Let’s say I am playing Patroklos. I have my opponent’s back to the ring edge. I am going to use 236B- i15, -20 on block.
If 236B is blocked, the opponent has 20 frames to hit me. There are very powerful moves that are less than 20 frames- so I am looking at a punishment of at least 50-100 damage or more.
If 236B hits, I get a ring out. That is an instantaneous round win- 240 damage.
240 damage is more than the 50-100 damage I will take from the punishment. Hence, the risk is justified.
Let’s look at another example.
Nightmare scores a knockdown near the wall. The opponent could possibly sideroll to get away, so GS K will be used to stop it.
If GS K is blocked, the opponent is put at +18. The blockstun is fairly large and easy to react to, so it is more than likely that the opponent will respond with a launcher as punishment, which will result in 50-100+ damage.
If GS K hits, Nightmare scores 22 damage.
22 damage is a lot less than 50-100 damage. The risk is not justified. It is too risky to do this considering that the payoff is low.
Let’s throw a wrench in this, however, and say that GS K BE is used instead.
If GS K BE is ducked, the opponent must whiff punish from crouch, barring special circumstances. This could be another 50-100 damage, or it could be less, depending on the character.
If GS K BE hits, however, the opponent will hit the wall. The wall combo that results will lead to at least 100-150 damage.
100-150 damage is a little more than 50-100 damage. The risk could be justified depending on your own personal philosophy.
Always consult the numbers when weighing risk, but always attempt to avoid needlessly risky behavior. Remember that numbers do not always mean raw damage, but advantage, pressure, and other factors. Look at how much you have to gain for how much you are risking to lose, and make the call if it is right for you to take that risk.
Schools of Thought
Moral vs. Abare, Conservative vs. Reckless, Turtle vs. Rushdown- all of these terms regard how you as a player manage risk. The choice is a personal one that no one can make for you- but surprisingly, it is not an “exclusive” one. They are opposing, yet two sides of the same coin. Most strong players will be able to make use of both.
The “Turtle style” is that of low risk. The rewards may not be very big, but the assumption is that the turtle will outlast the opponent in a battle of attrition. “Who has the most patience?”
Rushdown, “aggro”, “pitbulling”- is a high-risk style. Attacking wildly makes you unpredictable, and can lead to big rewards. However, if you are doing anything except guarding, you are vulnerable- and that includes attacking. These structural weaknesses can be exploited and punished severely. The assumption is that the aggression will either end the match quickly or cause the opponent to panic and weaken his integrity. “Who wants it more? Who is willing to die?”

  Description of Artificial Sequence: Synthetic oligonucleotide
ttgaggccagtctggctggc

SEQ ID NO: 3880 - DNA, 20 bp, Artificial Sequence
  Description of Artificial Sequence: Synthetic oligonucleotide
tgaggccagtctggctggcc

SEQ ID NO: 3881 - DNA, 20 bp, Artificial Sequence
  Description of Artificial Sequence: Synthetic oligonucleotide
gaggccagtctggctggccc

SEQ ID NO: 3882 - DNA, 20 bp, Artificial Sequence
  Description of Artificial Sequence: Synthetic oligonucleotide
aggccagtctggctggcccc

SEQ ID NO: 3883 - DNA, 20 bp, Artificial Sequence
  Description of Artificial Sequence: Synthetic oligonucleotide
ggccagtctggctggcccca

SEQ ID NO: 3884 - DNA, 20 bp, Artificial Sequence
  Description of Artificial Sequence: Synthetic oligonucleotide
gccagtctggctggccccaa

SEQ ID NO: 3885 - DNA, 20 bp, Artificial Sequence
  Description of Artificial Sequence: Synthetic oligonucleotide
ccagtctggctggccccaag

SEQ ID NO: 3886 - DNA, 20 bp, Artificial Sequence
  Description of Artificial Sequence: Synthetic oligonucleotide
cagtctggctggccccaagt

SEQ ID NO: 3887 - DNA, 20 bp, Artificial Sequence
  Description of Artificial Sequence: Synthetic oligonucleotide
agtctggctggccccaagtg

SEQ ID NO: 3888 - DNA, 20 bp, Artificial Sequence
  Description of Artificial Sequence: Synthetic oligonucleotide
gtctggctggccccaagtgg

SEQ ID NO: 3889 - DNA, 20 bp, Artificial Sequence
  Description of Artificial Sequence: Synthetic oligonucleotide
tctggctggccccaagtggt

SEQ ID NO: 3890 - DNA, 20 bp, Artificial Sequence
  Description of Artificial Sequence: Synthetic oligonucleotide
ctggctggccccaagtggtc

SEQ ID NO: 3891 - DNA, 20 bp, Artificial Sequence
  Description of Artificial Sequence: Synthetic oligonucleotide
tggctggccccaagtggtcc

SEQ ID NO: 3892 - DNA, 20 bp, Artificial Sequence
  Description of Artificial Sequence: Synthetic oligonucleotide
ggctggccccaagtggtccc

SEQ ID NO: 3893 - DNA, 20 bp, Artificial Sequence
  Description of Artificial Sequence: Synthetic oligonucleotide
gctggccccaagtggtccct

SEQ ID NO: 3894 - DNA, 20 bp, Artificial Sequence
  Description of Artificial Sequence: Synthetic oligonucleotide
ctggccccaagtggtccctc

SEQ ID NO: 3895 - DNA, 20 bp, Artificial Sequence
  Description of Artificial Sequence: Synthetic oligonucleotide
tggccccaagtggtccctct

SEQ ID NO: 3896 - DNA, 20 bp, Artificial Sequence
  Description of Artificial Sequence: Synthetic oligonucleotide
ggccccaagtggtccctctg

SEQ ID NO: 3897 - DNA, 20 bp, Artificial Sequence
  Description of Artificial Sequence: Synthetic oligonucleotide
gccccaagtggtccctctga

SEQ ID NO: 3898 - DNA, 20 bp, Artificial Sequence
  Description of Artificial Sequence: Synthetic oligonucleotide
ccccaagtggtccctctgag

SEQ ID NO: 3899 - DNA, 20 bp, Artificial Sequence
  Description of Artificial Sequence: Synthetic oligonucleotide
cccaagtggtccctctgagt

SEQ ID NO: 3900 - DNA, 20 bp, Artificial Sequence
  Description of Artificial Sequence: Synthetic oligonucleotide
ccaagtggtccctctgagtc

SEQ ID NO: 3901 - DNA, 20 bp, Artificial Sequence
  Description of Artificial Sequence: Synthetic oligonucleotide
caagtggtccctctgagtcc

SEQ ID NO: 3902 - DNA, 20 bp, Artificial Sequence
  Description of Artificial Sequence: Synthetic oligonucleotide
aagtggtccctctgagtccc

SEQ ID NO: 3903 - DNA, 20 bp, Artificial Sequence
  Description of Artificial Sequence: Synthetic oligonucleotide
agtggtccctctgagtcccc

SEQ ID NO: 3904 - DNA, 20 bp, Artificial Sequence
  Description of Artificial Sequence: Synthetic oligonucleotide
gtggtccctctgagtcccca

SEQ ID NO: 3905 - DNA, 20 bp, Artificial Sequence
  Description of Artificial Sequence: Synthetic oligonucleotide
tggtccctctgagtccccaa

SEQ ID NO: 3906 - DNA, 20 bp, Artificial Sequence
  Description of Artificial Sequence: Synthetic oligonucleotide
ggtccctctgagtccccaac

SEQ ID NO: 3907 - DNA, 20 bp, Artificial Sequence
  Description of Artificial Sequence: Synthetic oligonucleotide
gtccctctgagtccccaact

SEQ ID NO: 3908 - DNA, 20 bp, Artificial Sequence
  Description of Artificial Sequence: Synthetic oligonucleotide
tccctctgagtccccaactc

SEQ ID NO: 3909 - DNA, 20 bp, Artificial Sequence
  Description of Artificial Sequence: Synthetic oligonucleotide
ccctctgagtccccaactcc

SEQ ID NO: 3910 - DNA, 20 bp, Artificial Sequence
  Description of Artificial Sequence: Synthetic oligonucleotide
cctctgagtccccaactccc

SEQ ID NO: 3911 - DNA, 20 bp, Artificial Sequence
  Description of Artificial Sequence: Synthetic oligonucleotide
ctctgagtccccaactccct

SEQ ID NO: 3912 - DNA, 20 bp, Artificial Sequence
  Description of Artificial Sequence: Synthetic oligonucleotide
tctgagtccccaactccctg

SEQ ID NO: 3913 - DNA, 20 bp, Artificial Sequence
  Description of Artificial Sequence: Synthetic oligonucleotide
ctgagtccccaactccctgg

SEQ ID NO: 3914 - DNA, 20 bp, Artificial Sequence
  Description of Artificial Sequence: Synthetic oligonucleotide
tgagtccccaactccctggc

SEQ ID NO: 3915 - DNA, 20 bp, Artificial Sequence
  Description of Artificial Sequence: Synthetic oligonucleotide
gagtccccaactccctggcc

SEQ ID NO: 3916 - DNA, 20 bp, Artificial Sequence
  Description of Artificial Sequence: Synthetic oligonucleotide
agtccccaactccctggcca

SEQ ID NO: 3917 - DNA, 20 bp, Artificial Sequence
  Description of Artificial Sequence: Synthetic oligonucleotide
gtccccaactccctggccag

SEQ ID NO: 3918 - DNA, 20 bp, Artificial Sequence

Classically, “turtle style” has been favored for its consistency. “Defense wins championships”, as the adage goes. “Low-risk investments” show returns over the long run.
However- this is Soul Calibur V.
Guarding cannot be done forever- guard too much and your guard will break, leaving you open for a combo with counter-hit properties.
Defensive movement is unsafe and risky. Backstep and sidestep grant counter-hit status when interrupted with an attack, the only “safe” form of movement being moving forward, which in itself puts you at disadvantage.
Guard Impact, while a powerful tool, requires meter, a finite resource. It also guarantees nothing when successful- only a mindgame, a test to see if both players are lucid and knowledgeable.
Just Guard, the sole defensive technique that has no weakness, lies behind an execution barrier. Fail to cross and you are repaid with a sharp blade.
This is not to say that turtling is irrelevant in Soul Calibur V- it means it is not as dominant. It means that turtles have to work harder to achieve the same results, while the other side is left with the same high-risk lifestyle as they are accustomed to.
Focus too much on defense and minimizing your risk, and you can possibly be outpaced. But as always- focus too much on offense and large payoffs, and you can be methodically picked apart.
In this game, both require commitment and both carry risk. Specializing in one no longer guarantees anything- so you may choose to use both, as the situation pertains. Ride the moderate line, and turn to extremes when your opponent requires it of you.
Risk governs all. To play without paying heed to it is suicide- pure and simple. Reduce your risk and play “cleanly”, or chase the “big time” and die with a purpose- but don’t leave your fate up to chance.
Understand the risks, and then decide for yourself.